Cass drug millage request put on Aug. 3 primary ballot
By By JOHN EBY / Niles Daily Star
CASSOPOLIS -- Cass County voters will be asked on the Aug. 3 primary ballot to approve a four-year proposal for half a mill dedicated to drug enforcement, prosecution, education and treatment.
It is estimated that levying 0.5 mill would generate $615,500 the first year to fund a countywide drug enforcement and prosecution team of five detectives, clerical support and an assistant prosecutor dedicated to narcotics cases.
Sheriff Joseph M. Underwood Jr. and Dowagiac Police Chief Thomas A. Atkinson made the request approved Thursday by the Board of Commissioners.
Its resolution, approved 14-1, recognizes that "there continues to be a serious drug problem in Cass County despite the efforts of law enforcement agencies and community groups to eradicate this problem."
Atkinson called the methamphetamine epidemic the worst drug problem he's seen in a 33-year career with the Sheriff's Office and, since August 1997, as police chief.
Atkinson and Underwood collaborated in 1999 to form a local drug interdiction team to concentrate efforts in and for this county.
The Cass County Drug Enforcement Team, or CCDET, replaced SWET, the South West Enforcement Team, covering a jurisdiction of more than a dozen towns, villages and cities in multiple counties.
CCDET is comprised of a Dowagiac detective, a sheriff's office detective and a deputy funded by a community policing grant.
This trio focuses its efforts on local drug trafficking problems within the city and throughout the county. CCDET provides a way to concentrate drug enforcement efforts with limited manpower by sharing information and resources between the municipal force and the sheriff's office.
At its inception, the CCDET concentrated on marijuana and crack cocaine. Drug sweeps in the city and out in the county resulted in arrests and convictions of many major street dealers. It wasn't long before methamphetamine use and associated problems it generates became evident.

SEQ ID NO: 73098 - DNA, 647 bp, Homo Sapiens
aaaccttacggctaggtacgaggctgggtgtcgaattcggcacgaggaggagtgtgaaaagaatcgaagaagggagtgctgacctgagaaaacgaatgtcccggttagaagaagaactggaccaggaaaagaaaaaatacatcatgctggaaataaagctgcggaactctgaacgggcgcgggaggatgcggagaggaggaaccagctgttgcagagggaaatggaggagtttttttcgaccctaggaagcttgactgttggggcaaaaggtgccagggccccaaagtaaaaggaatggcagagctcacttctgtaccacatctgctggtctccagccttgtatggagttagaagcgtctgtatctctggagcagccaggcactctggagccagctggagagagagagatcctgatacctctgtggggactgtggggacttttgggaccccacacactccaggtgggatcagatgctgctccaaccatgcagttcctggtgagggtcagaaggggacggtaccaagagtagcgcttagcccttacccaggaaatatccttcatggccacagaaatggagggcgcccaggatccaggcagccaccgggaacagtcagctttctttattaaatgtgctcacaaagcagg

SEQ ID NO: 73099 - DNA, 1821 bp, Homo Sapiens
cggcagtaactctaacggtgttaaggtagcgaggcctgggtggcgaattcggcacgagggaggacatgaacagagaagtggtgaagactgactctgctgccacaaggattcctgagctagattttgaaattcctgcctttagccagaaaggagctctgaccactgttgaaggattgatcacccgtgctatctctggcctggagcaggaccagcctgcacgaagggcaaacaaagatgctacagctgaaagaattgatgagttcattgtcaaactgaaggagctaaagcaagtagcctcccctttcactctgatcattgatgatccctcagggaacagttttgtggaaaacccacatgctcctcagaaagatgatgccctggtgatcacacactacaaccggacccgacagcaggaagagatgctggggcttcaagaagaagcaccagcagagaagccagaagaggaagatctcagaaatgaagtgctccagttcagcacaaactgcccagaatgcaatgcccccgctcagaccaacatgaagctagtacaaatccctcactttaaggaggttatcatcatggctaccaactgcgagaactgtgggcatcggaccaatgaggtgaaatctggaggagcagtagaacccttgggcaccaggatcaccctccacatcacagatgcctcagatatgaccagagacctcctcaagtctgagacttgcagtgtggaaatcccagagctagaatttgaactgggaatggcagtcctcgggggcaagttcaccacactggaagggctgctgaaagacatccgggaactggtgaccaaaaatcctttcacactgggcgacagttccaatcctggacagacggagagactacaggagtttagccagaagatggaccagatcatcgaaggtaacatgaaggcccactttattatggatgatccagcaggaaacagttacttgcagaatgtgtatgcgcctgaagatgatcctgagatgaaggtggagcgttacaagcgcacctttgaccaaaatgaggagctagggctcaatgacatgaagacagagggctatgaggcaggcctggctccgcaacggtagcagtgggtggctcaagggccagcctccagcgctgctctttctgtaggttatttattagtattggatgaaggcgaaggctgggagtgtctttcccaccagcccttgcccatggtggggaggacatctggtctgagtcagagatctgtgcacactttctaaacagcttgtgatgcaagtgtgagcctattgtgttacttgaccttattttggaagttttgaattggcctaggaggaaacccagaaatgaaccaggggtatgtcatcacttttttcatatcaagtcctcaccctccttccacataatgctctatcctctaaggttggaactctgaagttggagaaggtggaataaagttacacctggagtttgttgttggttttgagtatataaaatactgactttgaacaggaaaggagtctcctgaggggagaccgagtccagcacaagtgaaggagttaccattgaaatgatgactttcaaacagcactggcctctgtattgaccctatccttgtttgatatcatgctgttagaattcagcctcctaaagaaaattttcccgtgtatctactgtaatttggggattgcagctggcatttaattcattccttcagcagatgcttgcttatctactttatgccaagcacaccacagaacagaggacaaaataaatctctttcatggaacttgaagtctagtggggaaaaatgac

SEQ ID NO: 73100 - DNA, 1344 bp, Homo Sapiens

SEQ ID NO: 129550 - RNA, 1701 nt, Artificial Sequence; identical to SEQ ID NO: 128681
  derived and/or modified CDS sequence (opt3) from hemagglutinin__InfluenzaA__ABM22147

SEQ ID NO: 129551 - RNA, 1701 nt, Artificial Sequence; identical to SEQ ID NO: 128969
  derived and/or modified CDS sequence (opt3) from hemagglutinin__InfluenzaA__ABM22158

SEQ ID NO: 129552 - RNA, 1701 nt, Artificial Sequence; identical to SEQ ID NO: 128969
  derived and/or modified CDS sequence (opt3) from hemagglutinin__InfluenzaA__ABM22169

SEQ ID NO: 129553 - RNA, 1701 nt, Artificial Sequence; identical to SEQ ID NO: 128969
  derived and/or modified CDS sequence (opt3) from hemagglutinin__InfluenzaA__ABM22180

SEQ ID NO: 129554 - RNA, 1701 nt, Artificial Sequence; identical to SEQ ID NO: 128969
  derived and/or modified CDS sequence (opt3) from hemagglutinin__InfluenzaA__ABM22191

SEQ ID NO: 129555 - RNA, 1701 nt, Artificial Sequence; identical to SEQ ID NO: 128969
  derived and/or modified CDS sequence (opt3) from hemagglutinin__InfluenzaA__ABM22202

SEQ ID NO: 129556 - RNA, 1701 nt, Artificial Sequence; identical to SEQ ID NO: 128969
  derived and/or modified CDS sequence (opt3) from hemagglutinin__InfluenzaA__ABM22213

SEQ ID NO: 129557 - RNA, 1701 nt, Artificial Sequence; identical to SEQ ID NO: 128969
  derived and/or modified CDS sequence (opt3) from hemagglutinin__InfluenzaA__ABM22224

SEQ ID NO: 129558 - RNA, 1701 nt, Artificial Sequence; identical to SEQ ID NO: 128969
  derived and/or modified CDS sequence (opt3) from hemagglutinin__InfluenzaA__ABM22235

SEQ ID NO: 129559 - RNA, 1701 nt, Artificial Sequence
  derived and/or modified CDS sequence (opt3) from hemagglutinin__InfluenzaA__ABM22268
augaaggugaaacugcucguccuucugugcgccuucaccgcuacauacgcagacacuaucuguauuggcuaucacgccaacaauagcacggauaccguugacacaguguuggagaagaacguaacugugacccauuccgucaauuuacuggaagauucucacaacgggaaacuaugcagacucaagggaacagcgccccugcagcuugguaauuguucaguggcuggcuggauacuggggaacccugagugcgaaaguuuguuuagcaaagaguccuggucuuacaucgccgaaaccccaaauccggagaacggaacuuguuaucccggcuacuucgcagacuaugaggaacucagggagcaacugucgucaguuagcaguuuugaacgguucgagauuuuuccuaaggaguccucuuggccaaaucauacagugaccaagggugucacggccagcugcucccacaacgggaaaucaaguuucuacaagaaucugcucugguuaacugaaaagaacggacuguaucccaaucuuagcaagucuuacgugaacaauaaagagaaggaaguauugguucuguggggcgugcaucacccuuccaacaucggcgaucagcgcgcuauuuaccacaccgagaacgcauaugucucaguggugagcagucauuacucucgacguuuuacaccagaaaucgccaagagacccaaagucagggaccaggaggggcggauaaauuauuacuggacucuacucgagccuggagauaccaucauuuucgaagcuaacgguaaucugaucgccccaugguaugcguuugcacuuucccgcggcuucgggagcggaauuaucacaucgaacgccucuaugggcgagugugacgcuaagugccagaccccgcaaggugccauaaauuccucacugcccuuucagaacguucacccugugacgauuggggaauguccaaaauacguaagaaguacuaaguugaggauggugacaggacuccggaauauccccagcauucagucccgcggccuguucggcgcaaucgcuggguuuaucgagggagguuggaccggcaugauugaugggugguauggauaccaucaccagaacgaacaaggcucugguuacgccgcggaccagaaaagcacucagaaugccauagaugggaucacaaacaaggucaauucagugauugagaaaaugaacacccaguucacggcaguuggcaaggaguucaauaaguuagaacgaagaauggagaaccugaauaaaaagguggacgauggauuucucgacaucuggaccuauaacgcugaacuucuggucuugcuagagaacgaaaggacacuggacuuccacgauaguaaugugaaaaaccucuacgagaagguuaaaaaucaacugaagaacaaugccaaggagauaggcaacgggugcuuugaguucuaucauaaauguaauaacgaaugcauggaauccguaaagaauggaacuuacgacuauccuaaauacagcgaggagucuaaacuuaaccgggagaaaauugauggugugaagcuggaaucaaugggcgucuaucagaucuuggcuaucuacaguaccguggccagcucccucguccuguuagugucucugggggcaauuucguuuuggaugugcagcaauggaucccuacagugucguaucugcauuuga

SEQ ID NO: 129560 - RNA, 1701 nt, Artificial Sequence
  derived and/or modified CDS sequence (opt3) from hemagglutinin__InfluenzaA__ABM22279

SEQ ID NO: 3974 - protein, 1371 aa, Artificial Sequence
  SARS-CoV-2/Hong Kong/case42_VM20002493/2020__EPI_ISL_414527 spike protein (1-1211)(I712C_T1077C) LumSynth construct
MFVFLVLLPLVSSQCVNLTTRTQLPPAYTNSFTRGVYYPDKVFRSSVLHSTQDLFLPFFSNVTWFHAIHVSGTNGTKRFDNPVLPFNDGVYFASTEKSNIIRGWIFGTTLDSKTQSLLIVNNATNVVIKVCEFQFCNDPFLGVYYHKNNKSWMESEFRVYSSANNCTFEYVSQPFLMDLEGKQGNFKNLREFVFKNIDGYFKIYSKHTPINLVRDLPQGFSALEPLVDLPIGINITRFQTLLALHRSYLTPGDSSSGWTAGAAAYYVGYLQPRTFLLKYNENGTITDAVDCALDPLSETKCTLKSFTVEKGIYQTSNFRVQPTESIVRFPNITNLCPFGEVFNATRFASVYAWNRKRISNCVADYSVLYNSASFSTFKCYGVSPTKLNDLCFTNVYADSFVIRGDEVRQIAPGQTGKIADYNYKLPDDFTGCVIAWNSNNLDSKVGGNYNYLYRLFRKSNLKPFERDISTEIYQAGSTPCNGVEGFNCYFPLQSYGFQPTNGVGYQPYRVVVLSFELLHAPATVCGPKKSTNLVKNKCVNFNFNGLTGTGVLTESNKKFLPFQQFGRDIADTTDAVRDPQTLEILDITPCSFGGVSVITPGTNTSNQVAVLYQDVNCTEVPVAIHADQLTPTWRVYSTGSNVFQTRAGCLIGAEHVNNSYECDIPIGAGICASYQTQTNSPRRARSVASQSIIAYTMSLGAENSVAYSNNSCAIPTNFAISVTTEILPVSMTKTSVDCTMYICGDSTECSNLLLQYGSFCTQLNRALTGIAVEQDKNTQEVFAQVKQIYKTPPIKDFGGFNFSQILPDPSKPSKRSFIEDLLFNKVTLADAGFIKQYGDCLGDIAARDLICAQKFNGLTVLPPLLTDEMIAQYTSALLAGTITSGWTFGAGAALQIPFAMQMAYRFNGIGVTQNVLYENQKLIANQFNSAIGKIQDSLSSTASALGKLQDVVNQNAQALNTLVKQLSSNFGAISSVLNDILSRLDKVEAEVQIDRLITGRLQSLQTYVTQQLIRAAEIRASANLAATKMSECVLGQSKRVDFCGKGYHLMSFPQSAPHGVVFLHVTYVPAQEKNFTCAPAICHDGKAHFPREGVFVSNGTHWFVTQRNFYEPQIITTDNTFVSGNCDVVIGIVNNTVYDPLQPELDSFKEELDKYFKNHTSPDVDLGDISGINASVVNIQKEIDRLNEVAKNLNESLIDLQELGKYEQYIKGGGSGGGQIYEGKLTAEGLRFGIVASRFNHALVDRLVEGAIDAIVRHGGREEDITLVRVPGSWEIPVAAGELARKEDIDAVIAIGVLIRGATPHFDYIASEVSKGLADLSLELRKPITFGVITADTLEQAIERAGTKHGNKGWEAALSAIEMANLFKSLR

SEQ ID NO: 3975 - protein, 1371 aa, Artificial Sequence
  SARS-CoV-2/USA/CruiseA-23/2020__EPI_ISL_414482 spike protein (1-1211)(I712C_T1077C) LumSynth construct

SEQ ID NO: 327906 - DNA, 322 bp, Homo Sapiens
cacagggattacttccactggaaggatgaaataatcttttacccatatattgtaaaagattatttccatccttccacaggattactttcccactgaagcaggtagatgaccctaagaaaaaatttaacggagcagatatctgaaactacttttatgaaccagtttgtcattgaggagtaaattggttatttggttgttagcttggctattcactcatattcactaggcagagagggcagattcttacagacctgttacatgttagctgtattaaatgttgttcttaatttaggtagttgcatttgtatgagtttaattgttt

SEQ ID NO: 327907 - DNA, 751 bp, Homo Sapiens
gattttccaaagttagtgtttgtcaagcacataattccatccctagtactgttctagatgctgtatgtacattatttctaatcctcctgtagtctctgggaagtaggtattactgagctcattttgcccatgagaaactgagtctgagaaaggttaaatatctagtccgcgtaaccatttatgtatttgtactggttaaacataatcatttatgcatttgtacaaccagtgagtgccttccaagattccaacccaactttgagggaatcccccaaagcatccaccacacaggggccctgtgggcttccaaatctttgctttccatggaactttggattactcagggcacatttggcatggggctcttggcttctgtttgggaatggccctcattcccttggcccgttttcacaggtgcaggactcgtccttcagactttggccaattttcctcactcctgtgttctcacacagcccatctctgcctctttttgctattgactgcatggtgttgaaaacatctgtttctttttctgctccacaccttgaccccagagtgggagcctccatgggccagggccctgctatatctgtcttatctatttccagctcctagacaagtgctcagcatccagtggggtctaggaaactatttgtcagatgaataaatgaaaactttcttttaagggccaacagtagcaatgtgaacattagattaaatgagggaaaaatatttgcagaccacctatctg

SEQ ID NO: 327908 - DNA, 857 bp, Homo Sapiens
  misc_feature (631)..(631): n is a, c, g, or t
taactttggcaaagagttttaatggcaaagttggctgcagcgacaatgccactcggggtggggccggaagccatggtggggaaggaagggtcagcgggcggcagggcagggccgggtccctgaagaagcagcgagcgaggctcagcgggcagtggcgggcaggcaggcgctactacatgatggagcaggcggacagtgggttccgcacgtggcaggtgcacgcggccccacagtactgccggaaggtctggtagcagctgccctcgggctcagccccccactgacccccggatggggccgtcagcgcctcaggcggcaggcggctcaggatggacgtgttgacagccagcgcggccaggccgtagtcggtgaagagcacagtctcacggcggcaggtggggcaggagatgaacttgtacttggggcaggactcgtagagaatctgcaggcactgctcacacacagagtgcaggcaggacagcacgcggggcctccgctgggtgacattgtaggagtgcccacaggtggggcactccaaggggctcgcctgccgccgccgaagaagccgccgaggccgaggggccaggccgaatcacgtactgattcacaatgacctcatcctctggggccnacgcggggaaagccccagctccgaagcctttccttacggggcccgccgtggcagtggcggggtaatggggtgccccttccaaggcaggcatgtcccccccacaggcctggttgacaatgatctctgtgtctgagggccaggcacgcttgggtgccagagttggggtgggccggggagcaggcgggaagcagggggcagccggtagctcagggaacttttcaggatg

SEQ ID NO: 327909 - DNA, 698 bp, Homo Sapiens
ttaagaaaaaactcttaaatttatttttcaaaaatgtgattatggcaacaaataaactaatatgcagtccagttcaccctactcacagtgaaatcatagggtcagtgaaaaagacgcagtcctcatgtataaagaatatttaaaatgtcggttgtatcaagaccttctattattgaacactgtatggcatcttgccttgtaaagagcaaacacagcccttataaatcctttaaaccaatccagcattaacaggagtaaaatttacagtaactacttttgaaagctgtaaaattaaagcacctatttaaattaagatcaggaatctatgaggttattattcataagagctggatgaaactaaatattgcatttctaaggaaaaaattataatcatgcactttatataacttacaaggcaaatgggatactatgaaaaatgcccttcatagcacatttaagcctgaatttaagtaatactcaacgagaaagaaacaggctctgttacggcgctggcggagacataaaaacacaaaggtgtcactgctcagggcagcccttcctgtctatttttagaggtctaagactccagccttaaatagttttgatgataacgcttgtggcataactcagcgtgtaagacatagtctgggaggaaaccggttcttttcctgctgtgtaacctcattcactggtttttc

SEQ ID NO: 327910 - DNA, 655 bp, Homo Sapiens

In May 2000, a man suffering from the paranoia that accompanies the use of methamphetamine committed a triple murder and suicide in Newberg Township.
Larcenies of chemicals used in the manufacture of "meth," such as anhydrous ammonia, have increased steadily. Injuries have been sustained by citizens exposed to the chemical residue from production of the drug. They have even seen deaths result directly from the meth "cooking" process -- due to either overdose or exposure to the toxic chemicals used.
Problems spawned by the manufacture, use and delivery of illegal drugs are not going away, Underwood and Atkinson say. As their experience proves, they will only continue and worsen unless they can devote energy and resources to thwart this illegal activity at every turn.
Homicide, armed robbery, home invasion, breaking and entering, larceny, possession of stolen property and weapons offenses are all crimes that have occurred in Cass County as a direct result of illicit drug activity. They say a problem as pervasive and destructive as illegal drug trafficking demands the fashioning of a comprehensive approach. The CCDET partnership is a "cornerstone" that must be built upon to expand and strengthen county anti-drug efforts.
Responsibilities of the added prosecutor would include preparing and obtaining search warrants, reviewing and authorizing requested charges, handling all aspects of criminal trials (arraignment through sentencing), conducting forfeiture actions on behalf of the county and providing assistance as needed to CCDET officers.
In a joint written statement, Underwood and Atkinson state: "The past five years with CCDET, and our experience with the Michigan State Police SWET program, have proven that drug activity in our county is extensive. The 'ripple effect' of this activity results in multiple crimes, abused/neglected children, crowded court dockets and the risk of over-utilization of jail space. We need a team that is experienced and capable to specialize in these kinds of cases. A team supported with established funds that a drug enforcement millage can provide."
The lone opposing vote in the 14-1 margin to place a request before voters for half a mill (50 cents per $1,000 of equalized taxable value) for 2004, 2005, 2006 and 2007, Commissioner David Taylor, D-Edwardsburg, favored finding the money within the county budget.